Former finance minister Nhlanhla Nene has welcomed investigations into Treasury, saying if the probe is fair, the truth will prevail.
He said on Wednesday night that although there are so many lies, along with attempts to "destroy" a small group in Treasury, there is only one truth and that truth would triumph after a fair investigation.
In a statement by the current finance minister Malusi Gigaba on Wednesday, he said he is concerned about ANN7's report claiming that an internal Treasury audit into government's Integrated Financial Management System had revealed financial mismanagement. Gigaba said he, together with Treasury's leadership, are "looking into" the issues raised in the report.
Nene was one of the people implicated in the report.
He gave an exclusive interview to HuffPost SA and News24 after he spoke at the launch of the UCT Graduate School of Business' Johannesburg campus on Wednesday evening.
The attack on Treasury.
Nene said there are attempts to "destroy" an institution within Treasury.
"It's going to take a lot of work to destroy but I believe that when you are in the middle of destroying something good, you realise that what you are going to do, what you are just about to do, is break a windscreen because you are trying to kill a fly," Nene said.
'We are in turbulent times'
Speaking about the South Africa's current political situation, Nene -- who has now been appointed to the board of newly-formed Cape Town-based investment firm, Arise -- said these "turbulent times" present the country's leadership with an opportunity.
He said leadership gets tested in the sort of environment that the country is in now.
"Cast your eyes outside of our borders and see what has been happening and ask yourself how many countries are actually on auto-pilot. But, they are running because people have taken a decision that we are not going to wait for the leadership to do things for us, we are going to do things for us," Nene said.
"A successful democracy is that you must actually have a plan, you must be able to put that plan to the nation and explain it and you must implement that and, in some instances, the reasons why perhaps we actually haven't made progress, is because some of our policies have actually not been implemented."
He said South Africa needs to cast its eyes "beyond the fog" and see the opportunities presented by the "current situation"; but it is going to test our resilience.
'We need a selfless leader'
Nene said the country needs a selfless leader who has the interests of all South Africans at heart; a person who puts everything above him or her because South Africa, according to Nene, has reached a stage where it is not seeing those qualities in its leadership.
But, he warned of only focusing on the president, saying South Africans should be fixed on their entire leadership structure.
"When a person steals, others say 'no but the others also stole', 'but you know so and so is also involved in X and Y'. In doing so, we are saying is that it (stealing) is fine, that it's ok. Can we really say that? I don't think so," Nene said.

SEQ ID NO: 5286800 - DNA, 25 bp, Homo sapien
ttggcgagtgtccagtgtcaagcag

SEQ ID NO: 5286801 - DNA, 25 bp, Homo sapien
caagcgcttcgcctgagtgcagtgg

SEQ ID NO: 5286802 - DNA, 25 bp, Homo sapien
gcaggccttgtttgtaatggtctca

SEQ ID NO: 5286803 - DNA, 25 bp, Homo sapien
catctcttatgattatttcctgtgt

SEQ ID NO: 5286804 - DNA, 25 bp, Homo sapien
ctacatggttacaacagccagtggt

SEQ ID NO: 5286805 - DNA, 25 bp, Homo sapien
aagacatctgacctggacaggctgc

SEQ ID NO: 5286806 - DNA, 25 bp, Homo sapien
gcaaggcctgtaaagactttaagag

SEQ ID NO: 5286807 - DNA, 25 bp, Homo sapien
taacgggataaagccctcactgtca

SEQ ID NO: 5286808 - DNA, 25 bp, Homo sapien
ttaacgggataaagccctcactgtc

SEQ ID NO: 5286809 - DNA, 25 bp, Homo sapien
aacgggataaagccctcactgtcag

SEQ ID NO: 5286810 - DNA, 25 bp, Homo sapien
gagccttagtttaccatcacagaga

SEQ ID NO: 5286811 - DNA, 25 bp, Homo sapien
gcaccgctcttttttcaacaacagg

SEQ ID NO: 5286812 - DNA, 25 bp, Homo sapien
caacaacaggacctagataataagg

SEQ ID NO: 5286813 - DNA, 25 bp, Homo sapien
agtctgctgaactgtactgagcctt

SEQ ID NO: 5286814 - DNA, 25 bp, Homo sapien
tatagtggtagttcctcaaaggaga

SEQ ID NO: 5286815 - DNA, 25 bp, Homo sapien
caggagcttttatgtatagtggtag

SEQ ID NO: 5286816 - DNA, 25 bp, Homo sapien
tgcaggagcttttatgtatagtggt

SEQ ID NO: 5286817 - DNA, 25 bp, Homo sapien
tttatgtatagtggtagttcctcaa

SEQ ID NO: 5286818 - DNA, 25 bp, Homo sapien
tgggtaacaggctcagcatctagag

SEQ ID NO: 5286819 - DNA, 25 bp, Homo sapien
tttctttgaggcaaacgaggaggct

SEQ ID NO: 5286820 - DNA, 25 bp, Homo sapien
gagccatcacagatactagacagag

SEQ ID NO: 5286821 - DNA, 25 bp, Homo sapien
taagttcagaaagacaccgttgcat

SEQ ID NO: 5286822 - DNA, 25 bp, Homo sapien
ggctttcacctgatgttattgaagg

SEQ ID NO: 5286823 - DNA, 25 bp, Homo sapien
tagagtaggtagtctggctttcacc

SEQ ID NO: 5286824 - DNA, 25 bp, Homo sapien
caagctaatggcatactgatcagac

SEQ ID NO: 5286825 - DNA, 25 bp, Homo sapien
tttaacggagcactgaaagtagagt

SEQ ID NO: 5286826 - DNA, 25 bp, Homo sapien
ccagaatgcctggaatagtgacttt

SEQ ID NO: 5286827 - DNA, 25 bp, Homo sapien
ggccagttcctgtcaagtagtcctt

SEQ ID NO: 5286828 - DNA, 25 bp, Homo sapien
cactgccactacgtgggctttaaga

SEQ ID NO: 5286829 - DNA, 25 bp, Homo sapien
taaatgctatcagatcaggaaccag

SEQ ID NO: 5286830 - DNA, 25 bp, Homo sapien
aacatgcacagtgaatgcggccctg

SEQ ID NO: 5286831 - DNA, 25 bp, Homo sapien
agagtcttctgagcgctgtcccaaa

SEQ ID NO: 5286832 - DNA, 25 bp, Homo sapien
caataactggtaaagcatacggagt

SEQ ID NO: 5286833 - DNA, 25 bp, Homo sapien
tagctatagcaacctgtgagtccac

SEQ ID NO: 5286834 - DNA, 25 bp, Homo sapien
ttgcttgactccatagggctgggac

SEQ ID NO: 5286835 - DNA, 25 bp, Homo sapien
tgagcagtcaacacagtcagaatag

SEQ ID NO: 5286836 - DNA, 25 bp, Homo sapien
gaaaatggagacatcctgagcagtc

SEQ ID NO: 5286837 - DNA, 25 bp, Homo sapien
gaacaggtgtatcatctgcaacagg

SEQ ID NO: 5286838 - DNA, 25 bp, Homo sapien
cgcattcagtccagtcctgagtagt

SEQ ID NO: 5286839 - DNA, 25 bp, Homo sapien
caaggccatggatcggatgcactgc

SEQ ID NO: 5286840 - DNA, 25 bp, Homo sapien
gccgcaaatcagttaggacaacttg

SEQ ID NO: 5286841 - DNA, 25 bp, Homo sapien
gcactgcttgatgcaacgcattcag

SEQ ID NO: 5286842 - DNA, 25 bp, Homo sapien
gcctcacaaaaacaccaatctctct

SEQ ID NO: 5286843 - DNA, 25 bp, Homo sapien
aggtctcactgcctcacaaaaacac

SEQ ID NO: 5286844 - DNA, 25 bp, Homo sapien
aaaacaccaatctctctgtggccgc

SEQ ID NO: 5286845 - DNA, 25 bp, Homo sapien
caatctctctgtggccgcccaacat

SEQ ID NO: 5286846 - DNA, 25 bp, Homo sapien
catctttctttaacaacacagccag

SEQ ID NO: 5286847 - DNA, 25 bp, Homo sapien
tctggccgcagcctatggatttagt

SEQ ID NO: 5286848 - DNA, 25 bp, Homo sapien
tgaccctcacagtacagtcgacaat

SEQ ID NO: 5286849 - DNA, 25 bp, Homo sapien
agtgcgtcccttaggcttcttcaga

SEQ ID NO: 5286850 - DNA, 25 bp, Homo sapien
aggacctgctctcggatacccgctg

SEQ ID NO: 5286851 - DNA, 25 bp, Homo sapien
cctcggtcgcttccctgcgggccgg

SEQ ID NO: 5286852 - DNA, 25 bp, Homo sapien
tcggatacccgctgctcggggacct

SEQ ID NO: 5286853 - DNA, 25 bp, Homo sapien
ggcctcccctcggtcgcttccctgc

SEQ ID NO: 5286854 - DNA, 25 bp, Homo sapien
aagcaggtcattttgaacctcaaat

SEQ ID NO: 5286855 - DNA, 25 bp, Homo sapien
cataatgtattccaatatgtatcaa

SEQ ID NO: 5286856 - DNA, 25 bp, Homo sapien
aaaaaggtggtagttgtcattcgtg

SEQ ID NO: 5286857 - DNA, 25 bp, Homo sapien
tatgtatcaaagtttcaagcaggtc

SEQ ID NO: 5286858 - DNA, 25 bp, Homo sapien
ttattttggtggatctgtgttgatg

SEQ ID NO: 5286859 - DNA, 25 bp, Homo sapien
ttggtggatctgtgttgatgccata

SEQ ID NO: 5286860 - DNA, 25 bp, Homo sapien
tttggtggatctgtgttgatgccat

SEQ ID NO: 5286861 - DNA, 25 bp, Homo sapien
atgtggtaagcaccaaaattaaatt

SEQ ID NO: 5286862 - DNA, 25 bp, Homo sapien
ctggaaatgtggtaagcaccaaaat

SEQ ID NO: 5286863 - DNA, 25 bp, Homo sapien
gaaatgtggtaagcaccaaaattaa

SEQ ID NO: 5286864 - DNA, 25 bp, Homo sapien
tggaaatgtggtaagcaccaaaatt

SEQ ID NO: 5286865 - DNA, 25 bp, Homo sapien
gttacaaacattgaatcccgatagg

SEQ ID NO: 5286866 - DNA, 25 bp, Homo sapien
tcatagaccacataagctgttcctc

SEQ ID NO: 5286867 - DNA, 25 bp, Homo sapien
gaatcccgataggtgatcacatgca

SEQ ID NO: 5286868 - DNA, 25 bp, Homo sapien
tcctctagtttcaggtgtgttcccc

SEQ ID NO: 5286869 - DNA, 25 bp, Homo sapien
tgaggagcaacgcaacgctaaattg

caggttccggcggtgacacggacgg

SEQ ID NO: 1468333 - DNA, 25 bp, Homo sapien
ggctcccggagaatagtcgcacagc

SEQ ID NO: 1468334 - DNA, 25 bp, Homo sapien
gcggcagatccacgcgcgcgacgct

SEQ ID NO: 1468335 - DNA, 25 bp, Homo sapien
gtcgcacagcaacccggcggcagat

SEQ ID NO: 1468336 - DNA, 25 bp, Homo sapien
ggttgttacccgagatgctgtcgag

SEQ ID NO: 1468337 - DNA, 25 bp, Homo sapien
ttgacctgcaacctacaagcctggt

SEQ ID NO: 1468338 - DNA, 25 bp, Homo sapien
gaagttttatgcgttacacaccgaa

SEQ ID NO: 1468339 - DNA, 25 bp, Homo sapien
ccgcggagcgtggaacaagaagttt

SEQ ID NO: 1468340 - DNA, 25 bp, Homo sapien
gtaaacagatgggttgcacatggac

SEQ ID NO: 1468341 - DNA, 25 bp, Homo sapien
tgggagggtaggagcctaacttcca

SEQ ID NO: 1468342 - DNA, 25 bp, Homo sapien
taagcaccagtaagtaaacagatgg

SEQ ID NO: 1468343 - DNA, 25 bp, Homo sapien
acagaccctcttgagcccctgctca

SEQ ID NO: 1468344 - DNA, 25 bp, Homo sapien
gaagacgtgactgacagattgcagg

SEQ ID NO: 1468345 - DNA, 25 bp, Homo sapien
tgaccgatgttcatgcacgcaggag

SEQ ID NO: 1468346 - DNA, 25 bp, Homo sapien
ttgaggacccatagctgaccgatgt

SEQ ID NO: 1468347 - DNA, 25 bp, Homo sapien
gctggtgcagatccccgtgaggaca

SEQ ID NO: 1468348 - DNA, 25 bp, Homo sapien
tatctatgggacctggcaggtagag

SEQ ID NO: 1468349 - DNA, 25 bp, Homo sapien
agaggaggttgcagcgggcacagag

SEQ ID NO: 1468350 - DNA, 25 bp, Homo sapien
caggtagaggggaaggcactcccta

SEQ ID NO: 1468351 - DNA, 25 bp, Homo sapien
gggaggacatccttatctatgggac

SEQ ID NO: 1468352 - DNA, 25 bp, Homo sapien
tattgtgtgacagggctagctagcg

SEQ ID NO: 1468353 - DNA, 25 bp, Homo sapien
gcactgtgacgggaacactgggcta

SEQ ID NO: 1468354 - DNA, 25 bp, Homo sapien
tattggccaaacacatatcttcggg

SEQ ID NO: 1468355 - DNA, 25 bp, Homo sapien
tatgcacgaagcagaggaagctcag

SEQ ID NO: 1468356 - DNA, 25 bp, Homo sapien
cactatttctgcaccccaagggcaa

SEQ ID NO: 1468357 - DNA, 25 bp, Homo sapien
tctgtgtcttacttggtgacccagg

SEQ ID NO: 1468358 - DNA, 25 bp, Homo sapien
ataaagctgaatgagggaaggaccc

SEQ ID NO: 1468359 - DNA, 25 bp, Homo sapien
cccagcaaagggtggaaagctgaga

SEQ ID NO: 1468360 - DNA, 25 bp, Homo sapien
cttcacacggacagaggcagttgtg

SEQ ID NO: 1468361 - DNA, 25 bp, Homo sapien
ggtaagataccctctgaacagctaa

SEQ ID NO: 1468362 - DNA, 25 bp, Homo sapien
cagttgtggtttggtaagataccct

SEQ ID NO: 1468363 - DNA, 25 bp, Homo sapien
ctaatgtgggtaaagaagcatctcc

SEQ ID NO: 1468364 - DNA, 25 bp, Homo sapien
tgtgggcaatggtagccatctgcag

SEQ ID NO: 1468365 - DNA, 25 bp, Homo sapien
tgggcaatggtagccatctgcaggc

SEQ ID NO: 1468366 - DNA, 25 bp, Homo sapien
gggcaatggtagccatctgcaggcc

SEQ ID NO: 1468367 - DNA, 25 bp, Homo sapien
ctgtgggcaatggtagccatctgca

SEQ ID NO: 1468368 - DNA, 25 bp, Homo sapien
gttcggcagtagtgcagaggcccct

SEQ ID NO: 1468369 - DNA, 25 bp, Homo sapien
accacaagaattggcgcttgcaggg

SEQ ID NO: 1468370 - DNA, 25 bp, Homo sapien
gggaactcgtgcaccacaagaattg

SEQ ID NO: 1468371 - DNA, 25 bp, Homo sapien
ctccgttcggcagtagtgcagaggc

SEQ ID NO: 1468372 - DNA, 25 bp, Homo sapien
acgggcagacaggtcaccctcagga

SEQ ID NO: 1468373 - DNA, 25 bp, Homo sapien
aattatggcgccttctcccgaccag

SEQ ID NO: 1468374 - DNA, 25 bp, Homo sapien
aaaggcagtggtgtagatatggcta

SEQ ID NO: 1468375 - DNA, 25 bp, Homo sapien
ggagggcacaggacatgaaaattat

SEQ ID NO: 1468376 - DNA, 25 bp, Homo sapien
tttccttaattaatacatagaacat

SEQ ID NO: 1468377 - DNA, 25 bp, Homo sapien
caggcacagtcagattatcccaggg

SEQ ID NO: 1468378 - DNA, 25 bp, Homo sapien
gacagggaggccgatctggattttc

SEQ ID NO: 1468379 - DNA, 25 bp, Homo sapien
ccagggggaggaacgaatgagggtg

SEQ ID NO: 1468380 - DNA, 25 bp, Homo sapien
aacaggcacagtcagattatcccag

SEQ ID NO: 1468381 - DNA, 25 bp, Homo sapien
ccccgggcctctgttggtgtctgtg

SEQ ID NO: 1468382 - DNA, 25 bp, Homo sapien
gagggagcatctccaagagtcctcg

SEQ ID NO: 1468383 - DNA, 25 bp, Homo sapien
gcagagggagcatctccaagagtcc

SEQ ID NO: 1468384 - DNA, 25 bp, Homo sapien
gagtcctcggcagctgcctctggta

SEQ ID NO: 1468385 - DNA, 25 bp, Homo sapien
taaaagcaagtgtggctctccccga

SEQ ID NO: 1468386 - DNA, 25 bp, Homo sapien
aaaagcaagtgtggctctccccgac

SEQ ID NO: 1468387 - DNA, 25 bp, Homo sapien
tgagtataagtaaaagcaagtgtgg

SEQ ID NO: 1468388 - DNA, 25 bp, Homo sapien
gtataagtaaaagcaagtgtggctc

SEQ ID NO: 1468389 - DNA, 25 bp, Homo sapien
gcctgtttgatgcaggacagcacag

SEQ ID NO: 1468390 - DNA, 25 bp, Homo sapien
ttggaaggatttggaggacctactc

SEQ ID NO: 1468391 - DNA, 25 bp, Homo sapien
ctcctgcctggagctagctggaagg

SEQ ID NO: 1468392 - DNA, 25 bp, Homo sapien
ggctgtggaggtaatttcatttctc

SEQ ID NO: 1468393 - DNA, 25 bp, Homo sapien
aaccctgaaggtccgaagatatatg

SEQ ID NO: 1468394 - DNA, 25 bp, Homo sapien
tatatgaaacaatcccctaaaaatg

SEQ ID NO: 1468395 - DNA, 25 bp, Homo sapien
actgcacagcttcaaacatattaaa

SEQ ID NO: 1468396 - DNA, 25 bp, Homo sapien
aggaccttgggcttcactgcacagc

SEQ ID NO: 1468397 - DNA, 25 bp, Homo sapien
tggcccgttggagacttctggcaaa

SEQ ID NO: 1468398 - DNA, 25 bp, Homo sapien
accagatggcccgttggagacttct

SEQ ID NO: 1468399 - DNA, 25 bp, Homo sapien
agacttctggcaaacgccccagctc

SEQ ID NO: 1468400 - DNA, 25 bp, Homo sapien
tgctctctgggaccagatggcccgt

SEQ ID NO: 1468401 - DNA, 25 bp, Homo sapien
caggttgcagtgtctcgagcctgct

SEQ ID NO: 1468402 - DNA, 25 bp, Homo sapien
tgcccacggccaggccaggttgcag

"We are not only failing ourselves, we are failing the next generation. What are we going to pass onto the next generation? It might be ok for us for now."
Radical Economic Transformation is a "politically correct" term.
Nene said South Africa's "real challenges" are inequality, unemployment, under-development and poverty.
He said the country needs an economy that grows sustainably but also one that is inclusive.
"The Gini coefficient is worsening instead of improving so we do have a challenge of how our economy is structured. We need a way to make sure that we actually lead our people out of poverty. But the fact of the matter is you will never be able to come out of a capitalist state into an egalitarian society," Nene said.
"You can address poverty, you can address inequality to a certain level, but it's never going to be an egalitarian society."
He said if Radical Economic Transformation means inclusive economic growth and development, then he is all for it.
Nene said he does "not subscribe" to the phrase, "white monopoly capital".
"At the end of the day, we as a country need a symbiotic relationship between the private and the public sector and you cannot build that relationship on name calling. You can only build that relationship on a level platform of trust, where everybody brings to the table what they have," Nene said.
Life after government
Nene was axed as finance minister by President Jacob Zuma in December 2015 with a promise of a position at the BRICS bank which never materialised.
Speaking about his time in the private sector, he said having to leave government "was a blessing in disguise".
"I think it was just a blessing in disguise that I stepped out the time that I did, it doesn't matter whether you get pushed or you step out on your own, but the fact of the matter is when your fate has been determined, you actually need to accept that it's a journey in life," Nene said.
"I didn't realise how much energy I have. I had a lot of energy with the work that I did (as finance minister); but I didn't realise how much inner energy I have until the time that I stepped out of what was becoming uncomfortable."